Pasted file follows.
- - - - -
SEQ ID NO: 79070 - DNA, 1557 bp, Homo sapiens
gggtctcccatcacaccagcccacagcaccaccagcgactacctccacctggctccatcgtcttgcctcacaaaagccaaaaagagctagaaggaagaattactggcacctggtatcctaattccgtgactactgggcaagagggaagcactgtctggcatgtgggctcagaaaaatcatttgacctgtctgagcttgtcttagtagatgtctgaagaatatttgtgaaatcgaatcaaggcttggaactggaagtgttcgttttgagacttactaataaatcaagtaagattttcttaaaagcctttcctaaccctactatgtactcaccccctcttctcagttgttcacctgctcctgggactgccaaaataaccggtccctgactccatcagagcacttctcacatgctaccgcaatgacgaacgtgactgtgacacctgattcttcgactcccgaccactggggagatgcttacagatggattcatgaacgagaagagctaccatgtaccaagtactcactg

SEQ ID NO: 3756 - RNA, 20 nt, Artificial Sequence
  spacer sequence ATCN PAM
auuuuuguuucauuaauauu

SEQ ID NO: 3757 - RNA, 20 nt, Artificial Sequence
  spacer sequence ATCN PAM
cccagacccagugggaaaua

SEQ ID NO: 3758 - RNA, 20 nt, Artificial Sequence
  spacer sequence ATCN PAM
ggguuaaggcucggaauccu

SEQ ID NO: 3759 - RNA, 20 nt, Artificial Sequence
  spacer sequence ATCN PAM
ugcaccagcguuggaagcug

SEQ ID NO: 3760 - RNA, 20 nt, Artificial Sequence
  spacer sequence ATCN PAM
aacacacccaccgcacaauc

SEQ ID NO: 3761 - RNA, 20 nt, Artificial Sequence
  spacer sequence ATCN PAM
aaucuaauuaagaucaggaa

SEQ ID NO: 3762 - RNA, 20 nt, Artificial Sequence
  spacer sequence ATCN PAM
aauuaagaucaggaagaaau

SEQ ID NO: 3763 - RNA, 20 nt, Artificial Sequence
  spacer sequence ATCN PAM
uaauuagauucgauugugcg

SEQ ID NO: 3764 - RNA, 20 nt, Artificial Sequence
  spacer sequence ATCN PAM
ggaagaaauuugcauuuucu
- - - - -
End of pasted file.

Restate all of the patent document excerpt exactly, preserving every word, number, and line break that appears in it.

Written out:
SEQ ID NO: 79070 - DNA, 1557 bp, Homo sapiens
gggtctcccatcacaccagcccacagcaccaccagcgactacctccacctggctccatcgtcttgcctcacaaaagccaaaaagagctagaaggaagaattactggcacctggtatcctaattccgtgactactgggcaagagggaagcactgtctggcatgtgggctcagaaaaatcatttgacctgtctgagcttgtcttagtagatgtctgaagaatatttgtgaaatcgaatcaaggcttggaactggaagtgttcgttttgagacttactaataaatcaagtaagattttcttaaaagcctttcctaaccctactatgtactcaccccctcttctcagttgttcacctgctcctgggactgccaaaataaccggtccctgactccatcagagcacttctcacatgctaccgcaatgacgaacgtgactgtgacacctgattcttcgactcccgaccactggggagatgcttacagatggattcatgaacgagaagagctaccatgtaccaagtactcactg

SEQ ID NO: 3756 - RNA, 20 nt, Artificial Sequence
  spacer sequence ATCN PAM
auuuuuguuucauuaauauu

SEQ ID NO: 3757 - RNA, 20 nt, Artificial Sequence
  spacer sequence ATCN PAM
cccagacccagugggaaaua

SEQ ID NO: 3758 - RNA, 20 nt, Artificial Sequence
  spacer sequence ATCN PAM
ggguuaaggcucggaauccu

SEQ ID NO: 3759 - RNA, 20 nt, Artificial Sequence
  spacer sequence ATCN PAM
ugcaccagcguuggaagcug

SEQ ID NO: 3760 - RNA, 20 nt, Artificial Sequence
  spacer sequence ATCN PAM
aacacacccaccgcacaauc

SEQ ID NO: 3761 - RNA, 20 nt, Artificial Sequence
  spacer sequence ATCN PAM
aaucuaauuaagaucaggaa

SEQ ID NO: 3762 - RNA, 20 nt, Artificial Sequence
  spacer sequence ATCN PAM
aauuaagaucaggaagaaau

SEQ ID NO: 3763 - RNA, 20 nt, Artificial Sequence
  spacer sequence ATCN PAM
uaauuagauucgauugugcg

SEQ ID NO: 3764 - RNA, 20 nt, Artificial Sequence
  spacer sequence ATCN PAM
ggaagaaauuugcauuuucu